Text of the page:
When you were first starting, what was the most difficult concept of jiu-jitsu that you had trouble getting?
Honestly, defense was so hard. My first few months of training I strictly trained off my back so I could deal with it and learn to survive early.
What makes you want to inspire and motivate others?
The simple fact that If I can do it anyone can and I see potential in everyone
"When you're struggling, sometimes you just need to relax and survive it until you can come out on top. What doesn't kill you make you stronger and you just gotta know you gonna make it out by any means necessary" -Alex Baker
What would you tell someone that wants to try jiu-jitsu but is anxious about starting?
I would tell them to do it. It’s worth every penny, and it’s knowledge that’s just handy to have just Incase you need it
Was there a difficult moment in your life where jiu-jitsu helped you get through it? If so, please explain.
Yeah honestly just recently for like year or so I had been dealing with legal issues, and training kept my mind off of it. It also kept me from getting in more trouble. It has been my biggest crutch since I started.
What was the exact moment like when you realized you wanted to make the switch in your lifestyle to something more positive?
It was like 1:00 am and I was driving home from a night out, and it was like 2 weeks before my 19th birthday and while I was in the car I was just thinking in my head randomly and I just got this like weird message through my body and it was like this year is the year. Then I turned 19 and 2 weeks later started jiu-jitsu.
How has Mickey Gall helped you in your journey into martial arts and how did you meet him?
Okay well to start, I met Mickey my second-day training, I got like a double leg takedown and he was like “that was awesome what’s your name” I told him my name is Alex and that’s when He told me he was Mickey. But anyway, he’s been like a big brother to me.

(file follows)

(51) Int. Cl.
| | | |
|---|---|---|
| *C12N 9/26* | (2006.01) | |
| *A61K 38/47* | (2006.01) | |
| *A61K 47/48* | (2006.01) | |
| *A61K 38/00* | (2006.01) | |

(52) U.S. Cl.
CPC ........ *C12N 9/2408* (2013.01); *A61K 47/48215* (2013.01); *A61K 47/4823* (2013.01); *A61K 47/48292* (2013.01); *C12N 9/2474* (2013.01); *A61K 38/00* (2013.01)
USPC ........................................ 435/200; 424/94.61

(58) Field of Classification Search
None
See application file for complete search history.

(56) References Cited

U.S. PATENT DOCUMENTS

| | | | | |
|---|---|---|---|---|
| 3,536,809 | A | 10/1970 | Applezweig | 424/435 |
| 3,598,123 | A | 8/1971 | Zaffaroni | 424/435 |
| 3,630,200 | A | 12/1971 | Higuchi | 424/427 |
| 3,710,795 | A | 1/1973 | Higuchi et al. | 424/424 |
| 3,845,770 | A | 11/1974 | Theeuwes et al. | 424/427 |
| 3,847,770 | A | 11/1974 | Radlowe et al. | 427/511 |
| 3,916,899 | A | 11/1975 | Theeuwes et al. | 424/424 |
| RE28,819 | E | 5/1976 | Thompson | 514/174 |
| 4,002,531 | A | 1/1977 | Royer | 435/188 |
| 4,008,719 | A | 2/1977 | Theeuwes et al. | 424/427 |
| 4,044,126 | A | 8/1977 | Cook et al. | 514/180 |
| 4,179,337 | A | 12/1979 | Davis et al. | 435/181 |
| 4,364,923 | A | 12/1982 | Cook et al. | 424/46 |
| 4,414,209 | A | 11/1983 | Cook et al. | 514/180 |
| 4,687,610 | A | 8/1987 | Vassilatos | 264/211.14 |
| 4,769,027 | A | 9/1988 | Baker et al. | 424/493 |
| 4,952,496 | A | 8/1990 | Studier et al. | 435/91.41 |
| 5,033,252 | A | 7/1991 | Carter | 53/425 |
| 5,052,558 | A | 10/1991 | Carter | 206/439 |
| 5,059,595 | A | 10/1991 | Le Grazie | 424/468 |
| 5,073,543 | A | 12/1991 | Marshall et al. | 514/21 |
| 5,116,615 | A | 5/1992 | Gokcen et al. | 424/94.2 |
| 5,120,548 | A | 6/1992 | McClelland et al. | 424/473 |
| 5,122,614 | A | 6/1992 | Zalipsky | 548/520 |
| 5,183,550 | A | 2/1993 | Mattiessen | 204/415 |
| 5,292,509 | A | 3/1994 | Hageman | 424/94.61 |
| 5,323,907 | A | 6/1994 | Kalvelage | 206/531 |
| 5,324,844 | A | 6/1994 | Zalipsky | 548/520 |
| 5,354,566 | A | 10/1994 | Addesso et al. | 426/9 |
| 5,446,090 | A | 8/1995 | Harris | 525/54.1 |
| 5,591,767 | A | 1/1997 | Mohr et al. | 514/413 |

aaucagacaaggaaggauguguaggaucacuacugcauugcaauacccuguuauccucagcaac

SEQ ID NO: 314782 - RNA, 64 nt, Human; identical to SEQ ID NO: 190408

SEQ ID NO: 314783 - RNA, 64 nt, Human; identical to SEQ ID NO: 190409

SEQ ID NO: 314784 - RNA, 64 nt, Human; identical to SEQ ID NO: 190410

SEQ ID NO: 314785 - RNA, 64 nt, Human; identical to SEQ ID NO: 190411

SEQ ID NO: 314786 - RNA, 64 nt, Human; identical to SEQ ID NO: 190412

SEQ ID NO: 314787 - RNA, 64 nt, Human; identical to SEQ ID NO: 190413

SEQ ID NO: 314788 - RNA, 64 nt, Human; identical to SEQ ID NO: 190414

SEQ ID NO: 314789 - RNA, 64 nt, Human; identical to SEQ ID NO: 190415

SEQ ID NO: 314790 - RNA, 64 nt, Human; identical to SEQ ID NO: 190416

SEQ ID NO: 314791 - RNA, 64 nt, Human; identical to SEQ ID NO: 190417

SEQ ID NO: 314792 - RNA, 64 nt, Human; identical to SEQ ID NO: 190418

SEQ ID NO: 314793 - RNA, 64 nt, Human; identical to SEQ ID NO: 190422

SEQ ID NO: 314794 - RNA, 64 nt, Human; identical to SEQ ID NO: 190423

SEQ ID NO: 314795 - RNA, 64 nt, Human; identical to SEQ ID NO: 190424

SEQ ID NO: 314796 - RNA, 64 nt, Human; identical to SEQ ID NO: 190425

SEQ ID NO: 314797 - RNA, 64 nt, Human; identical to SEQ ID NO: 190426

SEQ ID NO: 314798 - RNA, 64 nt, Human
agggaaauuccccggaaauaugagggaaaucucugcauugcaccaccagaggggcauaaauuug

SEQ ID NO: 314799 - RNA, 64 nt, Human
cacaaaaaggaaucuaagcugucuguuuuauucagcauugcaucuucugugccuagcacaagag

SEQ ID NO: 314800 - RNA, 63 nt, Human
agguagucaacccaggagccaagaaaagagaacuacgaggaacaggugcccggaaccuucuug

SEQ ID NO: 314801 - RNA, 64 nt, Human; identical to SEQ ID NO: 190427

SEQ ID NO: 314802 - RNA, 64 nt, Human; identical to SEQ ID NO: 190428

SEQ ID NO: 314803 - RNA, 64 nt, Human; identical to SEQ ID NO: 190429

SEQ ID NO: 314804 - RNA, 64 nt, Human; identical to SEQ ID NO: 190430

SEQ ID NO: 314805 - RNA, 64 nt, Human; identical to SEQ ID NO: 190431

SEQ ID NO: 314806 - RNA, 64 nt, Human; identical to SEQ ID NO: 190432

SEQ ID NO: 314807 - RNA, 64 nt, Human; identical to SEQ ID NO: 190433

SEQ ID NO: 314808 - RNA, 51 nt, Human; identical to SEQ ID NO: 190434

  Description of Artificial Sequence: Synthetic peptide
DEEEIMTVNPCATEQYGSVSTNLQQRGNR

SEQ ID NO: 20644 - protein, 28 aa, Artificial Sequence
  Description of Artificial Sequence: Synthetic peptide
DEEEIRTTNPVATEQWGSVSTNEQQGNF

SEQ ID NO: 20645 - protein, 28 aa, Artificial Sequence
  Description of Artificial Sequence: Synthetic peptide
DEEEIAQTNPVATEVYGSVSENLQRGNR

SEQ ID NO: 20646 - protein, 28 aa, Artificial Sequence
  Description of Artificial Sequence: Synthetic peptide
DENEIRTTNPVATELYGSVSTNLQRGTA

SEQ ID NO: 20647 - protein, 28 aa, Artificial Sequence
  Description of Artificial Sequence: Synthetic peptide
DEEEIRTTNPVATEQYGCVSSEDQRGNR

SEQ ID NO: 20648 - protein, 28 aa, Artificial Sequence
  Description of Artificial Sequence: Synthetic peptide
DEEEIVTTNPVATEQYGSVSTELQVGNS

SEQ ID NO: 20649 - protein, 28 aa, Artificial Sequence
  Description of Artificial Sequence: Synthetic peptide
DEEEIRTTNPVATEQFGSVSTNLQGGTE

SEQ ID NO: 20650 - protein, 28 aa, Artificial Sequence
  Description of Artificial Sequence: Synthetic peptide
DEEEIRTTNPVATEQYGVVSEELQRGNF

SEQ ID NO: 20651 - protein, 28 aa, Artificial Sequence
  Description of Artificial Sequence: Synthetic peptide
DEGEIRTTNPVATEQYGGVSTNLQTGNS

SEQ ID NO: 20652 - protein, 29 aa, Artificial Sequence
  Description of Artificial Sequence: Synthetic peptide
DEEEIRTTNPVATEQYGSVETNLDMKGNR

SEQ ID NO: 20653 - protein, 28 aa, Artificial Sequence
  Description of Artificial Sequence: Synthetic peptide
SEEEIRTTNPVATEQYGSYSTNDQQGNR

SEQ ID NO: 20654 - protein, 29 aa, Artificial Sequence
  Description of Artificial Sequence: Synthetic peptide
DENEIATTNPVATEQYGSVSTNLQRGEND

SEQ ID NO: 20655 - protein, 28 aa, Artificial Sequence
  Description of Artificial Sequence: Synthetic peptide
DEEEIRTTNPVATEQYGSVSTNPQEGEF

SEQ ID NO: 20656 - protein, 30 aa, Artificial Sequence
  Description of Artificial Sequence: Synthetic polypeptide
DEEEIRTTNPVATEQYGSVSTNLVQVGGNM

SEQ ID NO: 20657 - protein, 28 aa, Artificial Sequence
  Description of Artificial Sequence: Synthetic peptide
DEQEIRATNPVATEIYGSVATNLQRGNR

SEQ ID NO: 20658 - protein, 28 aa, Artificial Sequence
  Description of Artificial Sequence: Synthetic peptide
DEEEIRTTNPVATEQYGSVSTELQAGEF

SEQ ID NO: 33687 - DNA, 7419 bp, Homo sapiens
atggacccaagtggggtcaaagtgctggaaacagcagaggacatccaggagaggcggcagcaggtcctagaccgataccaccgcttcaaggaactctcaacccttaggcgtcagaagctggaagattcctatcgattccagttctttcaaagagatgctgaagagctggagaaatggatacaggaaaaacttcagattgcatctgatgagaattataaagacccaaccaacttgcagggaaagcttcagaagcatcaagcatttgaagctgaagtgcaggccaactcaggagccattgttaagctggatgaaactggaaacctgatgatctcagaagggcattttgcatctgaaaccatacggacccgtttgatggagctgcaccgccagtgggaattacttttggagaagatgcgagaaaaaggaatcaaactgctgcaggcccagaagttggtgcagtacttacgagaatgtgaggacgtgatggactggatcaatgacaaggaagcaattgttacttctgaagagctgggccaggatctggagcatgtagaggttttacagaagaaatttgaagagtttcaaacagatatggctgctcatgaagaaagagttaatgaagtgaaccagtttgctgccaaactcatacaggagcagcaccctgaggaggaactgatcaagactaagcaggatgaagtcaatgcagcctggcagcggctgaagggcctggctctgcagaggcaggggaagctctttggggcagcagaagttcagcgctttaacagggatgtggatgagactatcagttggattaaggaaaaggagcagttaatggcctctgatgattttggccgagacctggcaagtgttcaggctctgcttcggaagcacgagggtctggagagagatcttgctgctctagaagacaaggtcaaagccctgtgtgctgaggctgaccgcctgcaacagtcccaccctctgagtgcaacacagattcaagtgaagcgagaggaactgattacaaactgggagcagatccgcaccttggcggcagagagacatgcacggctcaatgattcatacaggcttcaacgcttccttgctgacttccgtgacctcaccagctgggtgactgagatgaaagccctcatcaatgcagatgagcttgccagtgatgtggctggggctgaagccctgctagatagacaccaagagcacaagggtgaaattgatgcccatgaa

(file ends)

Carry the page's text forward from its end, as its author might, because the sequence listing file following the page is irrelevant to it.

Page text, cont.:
As I said before he’s real. He’s not like an average famous person or anything like that. One of the nicest most down to earth guys I know, he will never mislead you, and he’s straight up, he’s a stand-up guy. Mickey coached me in my first two competitions, and since then he has been spending time in California. But we still stay in touch all the time, the night before my competitions he calls me to make sure I'm in a good spot mentally. He calls me after the competition. Even when we're in the gym he works with me. I can never thank him enough because for him to work with me it isn’t really doing anything for him but he still takes the time to do it anyway.
Every step of the way he’s been there for help if I needed it. I also like that he won’t beat around the bush, like if something needs to be fixed he’s on it and he will work with you until it looks right. Just a great guy to be around and an awesome teammate to have and it's awesome to have someone like that to look up too on this crazy journey.
What would you tell someone that’s going down a negative road right now and wants to change?
Get into training and don’t stop. Also, we all go down bad roads, you gotta hit rock bottom to see the top, so don’t give up your light is coming, keep fighting! You should do it sooner than later because there’s gonna be a point where it’s too late (ex. Going to jail).
Alex, your story really captured my attention because I can relate. Although I try and promote positivity through this community, I was not always the most positive person. To be honest I had a serious attitude problem and was going down the wrong path as well. I'd be in similar shoes as you with some petty legal issues but I got lucky and thanks to martial arts my whole mentality has changed and I am happy to see the same has happened to you.
You have a bright future but came from dark ways and your intellect is evident in the way you expressed yourself through those answers. Your work ethic is no question one of your biggest advantages. 30 hours of training a week are incredible, to say the least. You are a prime example of how anyone going down the wrong path can make a complete switch in direction and change for the better. Change is possible for anyone, you just have to decide it's time.
" A smart man learns from his own mistakes. A wise man learns from other's mistakes"